The Senate and People of Ukia

After the 2019 British General Election produced a large conservative majority for Prime Minister Boris Johnson, I wrote a “projection” / fantasy of how Britain could progress to a one-party state.

A one-party state on the Chinese model isn’t my ideal form of government. I would prefer an absolute hereditary monarchy such as the one I described in 2012. (Next year we will pass the half-way point of the 25 years between when I wrote it and when I set it, so I will review that then). But I never put forward a mechanism for getting to the absolute monarchy, only vaguely having in mind some serious political collapse and recovery. One-party states do exist today and some of them are governed much better than multi-party democracies. They are equally oligarchic, but the oligarchies are more rational, effective, and marginally less embroiled in infighting.

The central point of neoreactionary theory is that the root problem of our society is its structure of government. The most obvious problem is the people in charge, and if you look a bit deeper you see bad and harmful ideologies, but the theory is that the ideologies are the expected product of internal competition within an oligarchy, and that the people are the product of the structure and the ideologies.

If that is accepted, then the critical step is to change the system. Changing the system will in time change the ideologies and the people. So movement away from a system of oligarchic competition is a benefit, whether the one party is Labour or Conservative. It doesn’t matter whether a cat is black or white, if it catches mice it is a good cat.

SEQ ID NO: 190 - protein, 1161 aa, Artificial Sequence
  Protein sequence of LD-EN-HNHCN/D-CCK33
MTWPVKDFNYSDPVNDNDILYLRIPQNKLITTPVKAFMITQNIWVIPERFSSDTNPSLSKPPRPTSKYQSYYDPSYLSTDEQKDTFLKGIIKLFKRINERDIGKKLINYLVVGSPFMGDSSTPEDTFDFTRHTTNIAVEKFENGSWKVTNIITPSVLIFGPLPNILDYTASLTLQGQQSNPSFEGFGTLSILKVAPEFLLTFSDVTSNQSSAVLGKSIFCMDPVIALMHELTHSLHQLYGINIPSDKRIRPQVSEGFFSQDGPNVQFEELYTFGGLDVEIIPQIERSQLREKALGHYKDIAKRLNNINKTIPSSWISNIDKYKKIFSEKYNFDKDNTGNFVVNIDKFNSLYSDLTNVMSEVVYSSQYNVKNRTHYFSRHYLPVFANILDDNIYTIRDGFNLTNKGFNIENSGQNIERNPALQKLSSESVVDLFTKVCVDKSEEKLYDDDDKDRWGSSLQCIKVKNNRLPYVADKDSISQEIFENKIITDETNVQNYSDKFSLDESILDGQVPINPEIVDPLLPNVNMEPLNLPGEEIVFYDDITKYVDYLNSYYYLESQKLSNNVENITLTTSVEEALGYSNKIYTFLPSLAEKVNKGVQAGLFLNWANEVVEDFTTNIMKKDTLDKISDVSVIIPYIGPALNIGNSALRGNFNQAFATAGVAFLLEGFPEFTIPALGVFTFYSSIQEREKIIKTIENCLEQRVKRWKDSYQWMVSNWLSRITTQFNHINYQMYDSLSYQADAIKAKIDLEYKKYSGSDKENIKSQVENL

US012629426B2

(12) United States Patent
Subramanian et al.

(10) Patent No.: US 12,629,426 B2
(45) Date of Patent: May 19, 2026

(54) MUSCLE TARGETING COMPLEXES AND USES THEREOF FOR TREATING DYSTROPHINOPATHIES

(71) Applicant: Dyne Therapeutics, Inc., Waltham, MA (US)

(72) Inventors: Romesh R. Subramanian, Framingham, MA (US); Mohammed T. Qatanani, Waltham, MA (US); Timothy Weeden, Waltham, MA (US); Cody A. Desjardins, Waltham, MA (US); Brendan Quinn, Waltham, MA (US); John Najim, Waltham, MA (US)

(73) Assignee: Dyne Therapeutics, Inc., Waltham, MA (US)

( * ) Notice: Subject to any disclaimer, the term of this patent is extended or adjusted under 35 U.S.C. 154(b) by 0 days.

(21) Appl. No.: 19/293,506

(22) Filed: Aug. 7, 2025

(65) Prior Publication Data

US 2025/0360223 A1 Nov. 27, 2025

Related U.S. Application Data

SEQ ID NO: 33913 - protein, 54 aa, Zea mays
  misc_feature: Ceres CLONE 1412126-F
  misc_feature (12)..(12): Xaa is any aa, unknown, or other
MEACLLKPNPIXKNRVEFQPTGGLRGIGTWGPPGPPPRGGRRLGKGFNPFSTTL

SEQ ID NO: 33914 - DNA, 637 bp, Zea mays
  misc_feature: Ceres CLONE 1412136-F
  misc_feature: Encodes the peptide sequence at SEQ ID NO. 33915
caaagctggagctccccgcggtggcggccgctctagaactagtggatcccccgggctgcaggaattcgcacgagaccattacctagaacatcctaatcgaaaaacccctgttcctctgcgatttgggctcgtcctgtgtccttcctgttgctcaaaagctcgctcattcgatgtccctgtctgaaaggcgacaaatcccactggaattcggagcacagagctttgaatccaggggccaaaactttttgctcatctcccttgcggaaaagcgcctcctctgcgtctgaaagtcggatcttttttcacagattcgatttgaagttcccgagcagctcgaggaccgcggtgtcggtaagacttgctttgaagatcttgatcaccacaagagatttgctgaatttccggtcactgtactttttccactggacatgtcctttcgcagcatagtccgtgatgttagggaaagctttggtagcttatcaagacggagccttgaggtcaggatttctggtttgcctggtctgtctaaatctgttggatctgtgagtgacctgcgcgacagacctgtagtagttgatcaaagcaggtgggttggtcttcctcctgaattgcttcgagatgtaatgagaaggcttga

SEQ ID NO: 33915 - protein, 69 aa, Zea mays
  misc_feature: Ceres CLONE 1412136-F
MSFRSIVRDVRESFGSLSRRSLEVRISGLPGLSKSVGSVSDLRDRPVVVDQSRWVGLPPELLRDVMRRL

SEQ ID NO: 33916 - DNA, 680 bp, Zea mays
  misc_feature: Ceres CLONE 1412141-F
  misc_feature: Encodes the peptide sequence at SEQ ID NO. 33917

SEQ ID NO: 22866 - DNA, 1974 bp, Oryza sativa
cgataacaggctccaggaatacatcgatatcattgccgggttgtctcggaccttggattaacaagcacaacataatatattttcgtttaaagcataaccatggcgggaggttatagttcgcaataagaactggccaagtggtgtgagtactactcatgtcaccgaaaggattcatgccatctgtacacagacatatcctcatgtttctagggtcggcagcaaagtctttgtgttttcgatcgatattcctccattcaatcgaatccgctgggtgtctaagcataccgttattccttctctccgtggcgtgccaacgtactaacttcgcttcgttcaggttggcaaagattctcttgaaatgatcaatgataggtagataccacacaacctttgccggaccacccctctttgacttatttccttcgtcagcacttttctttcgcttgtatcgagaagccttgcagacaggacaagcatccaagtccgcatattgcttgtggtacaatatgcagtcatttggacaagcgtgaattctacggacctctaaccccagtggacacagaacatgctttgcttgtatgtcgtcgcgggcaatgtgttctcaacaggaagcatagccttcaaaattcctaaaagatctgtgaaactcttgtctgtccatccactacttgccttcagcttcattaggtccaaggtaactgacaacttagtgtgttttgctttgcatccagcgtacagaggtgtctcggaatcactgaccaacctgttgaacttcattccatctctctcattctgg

Admittedly, when I imagined Borisland, it was very much as a monarchical form with a Supreme Leader. I have heard suggestions that Xi is effectively sovereign over the PRC, but I don’t know and if I were to guess I would think it unlikely. Is Starmer a man who can dissolve ministerial responsibility? Or maybe there is a more ambitious successor waiting in the wings? Either could work. Every Prime Minister who is not universally pilloried as baffled and ineffectual (and some who are) is accused of introducing presidential government; it does not appear to be an impossibility.

Again, I would prefer not to be dragging even the pretence of democratic legitimacy behind the monarch, but, after all, the Roman Empire managed it.

What does the incoming Starmer administration have going for it? Quite a bit:

  1. Weak parliamentary opposition
  2. A prominent internal opposition
  3. A large majority to enable it to combat the internal opposition
  4. A leader who intimately understands the permanent government
  5. A leader young enough to last a couple of decades
  6. The support of the permanent government and the press (at least to start with)

The weak conservative opposition means that the government will not initially be too pressed to compete with it for popularity. My expectation will be that the government’s biggest fights for the first year will be against the left of the Labour party, and particularly the Islamic / pro-Palestine elements, plus the independent MPs that were elected specifically on that platform. Starmer’s pragmatic programme, coupled with his Jewish family, mean he will never be able to satisfy that wing, and would be unwise to try. Losing the Labour party’s traditional support from that population will be initially affordable given the huge parliamentary majority, and in the medium term will gain him much more support from the wider population.